Meditation has been one of those practices. Learning to be present and, through that, disavowing every inkling of self-judgement. Jesus, learning self-acceptance is hard. Perhaps that’s what he was thinking during his own dark night of the soul. Yoga — something I’ve “done” on and off for years, but never really understood until I’d had a full year of meditation practice in me and then I really could grasp how yoga is about being present in the body, about self-acceptance, meeting your limbs and muscles where they are, not pushing but nurturing (not exercise and not fitness, because fuck that that self-hating nonsense).

And so we come to gratitude. The third in this holy trio. Every evening, after another self-nurturing ritual of cleansing face and teeth, I sit on my bed in the dim twinkling of fairy lights. I take into my hand a piece of smooth clear quartz that I found on my stepdad’s land in rural New Mexico, and I hold it carefully, lovingly. While running my fingers over the cool stone, I say out loud this nightly benediction.

Usually, I say the best thing that happened today. Often that is something small or simple. Sometimes it is something huge. On some nights, I offer myself a whole list of thank-yous – thank-yous to the universe and me and sometimes loved ones for all things, big and small.

Awareness, presence – these are the two foundations of Buddhism, and if I were to slot myself into any one religion (which I decline to do), it would probably be Buddhism. Staying in the moment. Because at the end of the day, the things that cause us worry and strife, the things that become stress, and the stresses that eventually become lodged into the body, resulting in physical illness (dis-ease) – none of these things are real. They are the result of a mind, or ego, attempting to “save” us by planning for unforeseen circumstances. By focusing on those scary unreal timelines, you call them in. By focusing on gratitude, you call in a timeline of abundance. This is the core of what some New Ageists call manifesting. I believe in manifesting because I manifest through gratitude and it is real in my life.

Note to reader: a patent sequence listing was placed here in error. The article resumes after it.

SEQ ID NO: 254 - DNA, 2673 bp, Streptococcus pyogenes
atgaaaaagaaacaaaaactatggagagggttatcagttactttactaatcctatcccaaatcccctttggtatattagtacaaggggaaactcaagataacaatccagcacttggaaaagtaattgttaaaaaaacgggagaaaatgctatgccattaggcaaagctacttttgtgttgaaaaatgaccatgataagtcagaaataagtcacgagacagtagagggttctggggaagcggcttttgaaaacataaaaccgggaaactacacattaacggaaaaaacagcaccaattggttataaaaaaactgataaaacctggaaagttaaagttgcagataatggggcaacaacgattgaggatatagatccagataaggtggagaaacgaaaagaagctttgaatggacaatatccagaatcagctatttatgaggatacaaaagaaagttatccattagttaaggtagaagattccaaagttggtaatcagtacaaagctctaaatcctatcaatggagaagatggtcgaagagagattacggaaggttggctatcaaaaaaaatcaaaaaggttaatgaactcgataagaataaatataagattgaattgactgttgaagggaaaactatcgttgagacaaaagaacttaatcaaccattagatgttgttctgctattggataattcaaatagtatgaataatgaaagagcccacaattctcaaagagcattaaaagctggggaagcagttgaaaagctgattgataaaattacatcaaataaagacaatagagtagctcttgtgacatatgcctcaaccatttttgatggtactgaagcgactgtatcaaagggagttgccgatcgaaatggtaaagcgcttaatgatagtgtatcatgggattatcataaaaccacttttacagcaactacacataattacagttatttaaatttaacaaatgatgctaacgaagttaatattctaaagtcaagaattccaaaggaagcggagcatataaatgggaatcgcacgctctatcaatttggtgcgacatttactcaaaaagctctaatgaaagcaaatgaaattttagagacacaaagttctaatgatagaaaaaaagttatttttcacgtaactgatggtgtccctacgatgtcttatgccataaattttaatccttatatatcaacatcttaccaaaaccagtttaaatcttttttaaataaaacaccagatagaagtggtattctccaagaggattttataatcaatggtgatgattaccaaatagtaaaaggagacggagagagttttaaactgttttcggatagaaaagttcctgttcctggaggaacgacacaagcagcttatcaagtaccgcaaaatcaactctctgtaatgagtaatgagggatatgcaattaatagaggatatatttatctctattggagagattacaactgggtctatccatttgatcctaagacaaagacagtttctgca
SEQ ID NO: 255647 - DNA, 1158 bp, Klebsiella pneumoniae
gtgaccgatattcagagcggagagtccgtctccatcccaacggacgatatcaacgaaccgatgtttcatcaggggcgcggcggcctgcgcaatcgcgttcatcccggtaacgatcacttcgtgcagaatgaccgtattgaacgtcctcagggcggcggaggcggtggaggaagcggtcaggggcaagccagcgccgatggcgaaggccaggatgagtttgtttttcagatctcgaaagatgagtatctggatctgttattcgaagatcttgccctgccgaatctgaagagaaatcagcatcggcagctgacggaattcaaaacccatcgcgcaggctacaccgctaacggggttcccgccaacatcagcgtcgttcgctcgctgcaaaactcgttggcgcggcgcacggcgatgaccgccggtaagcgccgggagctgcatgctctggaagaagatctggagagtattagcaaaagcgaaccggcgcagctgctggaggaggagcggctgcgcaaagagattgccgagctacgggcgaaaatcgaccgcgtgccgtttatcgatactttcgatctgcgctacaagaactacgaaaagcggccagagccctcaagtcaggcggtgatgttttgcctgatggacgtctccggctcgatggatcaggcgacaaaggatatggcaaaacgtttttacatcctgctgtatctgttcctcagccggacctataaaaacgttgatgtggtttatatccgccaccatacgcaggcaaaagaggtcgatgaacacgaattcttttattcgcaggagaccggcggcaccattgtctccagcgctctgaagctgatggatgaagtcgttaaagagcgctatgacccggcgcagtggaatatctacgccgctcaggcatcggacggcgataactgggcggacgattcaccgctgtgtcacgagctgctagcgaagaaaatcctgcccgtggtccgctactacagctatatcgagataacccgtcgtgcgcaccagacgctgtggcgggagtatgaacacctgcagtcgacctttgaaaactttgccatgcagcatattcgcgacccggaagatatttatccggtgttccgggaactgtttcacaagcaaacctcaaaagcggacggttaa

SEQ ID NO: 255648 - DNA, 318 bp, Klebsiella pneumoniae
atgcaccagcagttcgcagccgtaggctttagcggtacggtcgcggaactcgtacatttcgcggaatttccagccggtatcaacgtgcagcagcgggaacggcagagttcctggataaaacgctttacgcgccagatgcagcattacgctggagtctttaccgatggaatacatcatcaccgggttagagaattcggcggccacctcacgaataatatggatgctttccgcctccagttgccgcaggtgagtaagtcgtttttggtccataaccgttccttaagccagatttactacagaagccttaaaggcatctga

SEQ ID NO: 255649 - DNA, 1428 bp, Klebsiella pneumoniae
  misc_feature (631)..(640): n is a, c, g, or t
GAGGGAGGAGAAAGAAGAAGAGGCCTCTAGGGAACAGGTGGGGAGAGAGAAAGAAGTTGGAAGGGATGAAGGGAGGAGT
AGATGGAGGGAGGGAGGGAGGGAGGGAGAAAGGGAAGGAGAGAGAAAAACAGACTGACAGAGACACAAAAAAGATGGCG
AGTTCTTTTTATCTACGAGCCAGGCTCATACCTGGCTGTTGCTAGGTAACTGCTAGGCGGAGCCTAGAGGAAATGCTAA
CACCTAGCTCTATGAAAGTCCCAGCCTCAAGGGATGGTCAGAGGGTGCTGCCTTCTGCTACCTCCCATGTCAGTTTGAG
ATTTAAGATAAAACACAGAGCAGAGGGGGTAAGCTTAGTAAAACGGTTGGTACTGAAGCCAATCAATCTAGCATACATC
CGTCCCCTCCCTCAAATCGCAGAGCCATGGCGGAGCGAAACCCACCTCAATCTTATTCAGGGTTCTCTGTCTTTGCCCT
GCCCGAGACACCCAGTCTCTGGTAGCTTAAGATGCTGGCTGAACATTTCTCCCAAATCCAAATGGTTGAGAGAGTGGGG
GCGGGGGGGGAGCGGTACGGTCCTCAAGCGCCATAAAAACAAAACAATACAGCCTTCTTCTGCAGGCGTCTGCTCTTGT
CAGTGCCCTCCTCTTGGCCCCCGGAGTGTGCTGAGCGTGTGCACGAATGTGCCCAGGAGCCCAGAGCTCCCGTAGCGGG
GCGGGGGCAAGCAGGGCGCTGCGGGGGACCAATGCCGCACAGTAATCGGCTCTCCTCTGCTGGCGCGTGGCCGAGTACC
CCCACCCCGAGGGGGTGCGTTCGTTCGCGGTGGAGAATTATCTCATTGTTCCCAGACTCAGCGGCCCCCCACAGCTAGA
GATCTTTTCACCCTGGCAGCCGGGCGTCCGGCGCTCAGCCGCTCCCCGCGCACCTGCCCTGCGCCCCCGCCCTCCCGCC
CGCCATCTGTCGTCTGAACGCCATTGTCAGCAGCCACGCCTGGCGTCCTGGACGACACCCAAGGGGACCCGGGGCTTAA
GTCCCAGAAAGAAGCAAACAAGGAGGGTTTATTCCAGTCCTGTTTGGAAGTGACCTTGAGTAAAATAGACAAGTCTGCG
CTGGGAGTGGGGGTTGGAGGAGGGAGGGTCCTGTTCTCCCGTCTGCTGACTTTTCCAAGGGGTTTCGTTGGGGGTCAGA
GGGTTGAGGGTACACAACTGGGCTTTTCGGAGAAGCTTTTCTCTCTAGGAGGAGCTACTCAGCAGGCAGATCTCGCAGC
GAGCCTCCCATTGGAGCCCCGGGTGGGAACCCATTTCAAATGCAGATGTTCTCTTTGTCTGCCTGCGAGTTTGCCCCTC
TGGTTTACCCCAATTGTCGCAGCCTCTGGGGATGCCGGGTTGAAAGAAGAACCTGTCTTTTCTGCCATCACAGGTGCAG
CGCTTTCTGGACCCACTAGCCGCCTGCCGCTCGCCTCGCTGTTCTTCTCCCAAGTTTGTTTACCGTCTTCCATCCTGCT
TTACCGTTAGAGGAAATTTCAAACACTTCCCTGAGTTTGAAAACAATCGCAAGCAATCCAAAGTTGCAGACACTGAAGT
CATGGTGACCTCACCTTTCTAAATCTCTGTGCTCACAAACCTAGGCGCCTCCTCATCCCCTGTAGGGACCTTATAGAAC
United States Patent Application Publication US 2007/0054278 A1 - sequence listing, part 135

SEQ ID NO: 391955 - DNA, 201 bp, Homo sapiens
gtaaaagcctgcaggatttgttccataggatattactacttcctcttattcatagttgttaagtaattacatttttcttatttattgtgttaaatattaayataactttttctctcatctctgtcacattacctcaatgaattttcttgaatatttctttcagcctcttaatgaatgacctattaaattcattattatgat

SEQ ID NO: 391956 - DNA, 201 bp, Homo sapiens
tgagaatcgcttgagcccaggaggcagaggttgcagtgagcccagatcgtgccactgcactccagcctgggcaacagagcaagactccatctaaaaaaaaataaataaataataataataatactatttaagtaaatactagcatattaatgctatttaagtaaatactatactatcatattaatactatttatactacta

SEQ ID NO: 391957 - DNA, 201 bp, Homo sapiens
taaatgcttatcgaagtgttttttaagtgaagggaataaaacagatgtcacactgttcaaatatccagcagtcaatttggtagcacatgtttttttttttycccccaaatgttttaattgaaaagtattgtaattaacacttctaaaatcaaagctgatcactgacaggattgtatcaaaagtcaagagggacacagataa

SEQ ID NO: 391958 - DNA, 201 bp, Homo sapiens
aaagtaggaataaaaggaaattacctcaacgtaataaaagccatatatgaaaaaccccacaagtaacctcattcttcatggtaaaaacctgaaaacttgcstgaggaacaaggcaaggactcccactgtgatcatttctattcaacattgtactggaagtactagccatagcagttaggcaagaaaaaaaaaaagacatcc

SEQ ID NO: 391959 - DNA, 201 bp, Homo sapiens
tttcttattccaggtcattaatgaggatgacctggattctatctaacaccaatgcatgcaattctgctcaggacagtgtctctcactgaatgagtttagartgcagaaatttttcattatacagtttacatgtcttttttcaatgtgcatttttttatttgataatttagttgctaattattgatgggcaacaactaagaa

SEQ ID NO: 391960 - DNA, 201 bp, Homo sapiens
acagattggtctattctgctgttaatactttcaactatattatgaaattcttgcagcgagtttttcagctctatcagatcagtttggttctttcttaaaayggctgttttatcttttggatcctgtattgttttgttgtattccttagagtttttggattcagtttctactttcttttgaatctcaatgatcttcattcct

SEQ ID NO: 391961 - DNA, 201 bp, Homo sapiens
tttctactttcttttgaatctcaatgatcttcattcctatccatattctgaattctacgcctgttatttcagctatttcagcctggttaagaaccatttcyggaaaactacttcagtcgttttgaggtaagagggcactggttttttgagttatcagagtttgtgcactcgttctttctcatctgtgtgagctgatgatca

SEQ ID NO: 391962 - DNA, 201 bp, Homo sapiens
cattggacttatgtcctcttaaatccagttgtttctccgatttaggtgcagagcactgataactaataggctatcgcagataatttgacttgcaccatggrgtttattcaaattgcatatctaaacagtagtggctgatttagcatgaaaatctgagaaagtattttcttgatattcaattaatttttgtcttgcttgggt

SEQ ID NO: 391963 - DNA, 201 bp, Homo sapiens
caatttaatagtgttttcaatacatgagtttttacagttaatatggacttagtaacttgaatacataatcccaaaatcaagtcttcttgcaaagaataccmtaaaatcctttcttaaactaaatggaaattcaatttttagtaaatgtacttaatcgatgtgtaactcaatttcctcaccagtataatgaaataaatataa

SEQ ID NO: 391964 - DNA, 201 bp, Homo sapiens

My best friend and I started an adjacent practice. The two of us are both prone to whingeing and can easily fall into negative spirals, and so when we find ourselves there together, we shout (over Whatsapp): FIVE THINGS TO BE GRATEFUL FOR. There are always five. Sometimes they are really funny things. Like “I have a toilet seat,” and “We don’t have to listen to that one person eat their salad really loud at work anymore.”

Gratitude drops you into the present moment. No matter what kind of bad day I am having (and I have had some pretty fucking bad ones, just like you have), I can find one small thing to be grateful for. With this, I am not suggesting we gloss over the hard things, the shit, the pain or the suffering. But I rest in the knowing that, by finding a moment of gratitude, the hardest days become easier.

What’s on my gratitude list tonight? So many things. For now? You, reader! This medium to express myself. An absolutely ma-hoosive Thanksgiving dinner, which I cooked in honour of myself. A nicely scented candle. And the supreme knowledge that I am deeply loved and cared for. First and foremost, by me.

2 responses to “Benediction”

  1. Beautiful Megan- I too practice gratitude- in the Lakota way, we call it Wopila.
    Every morning and every night, naming the six directions, remembering and thanking.

    Liked by 1 person

    1. Thank you for taking the time to read and comment Cathy. Your Wopila practice sounds beautiful.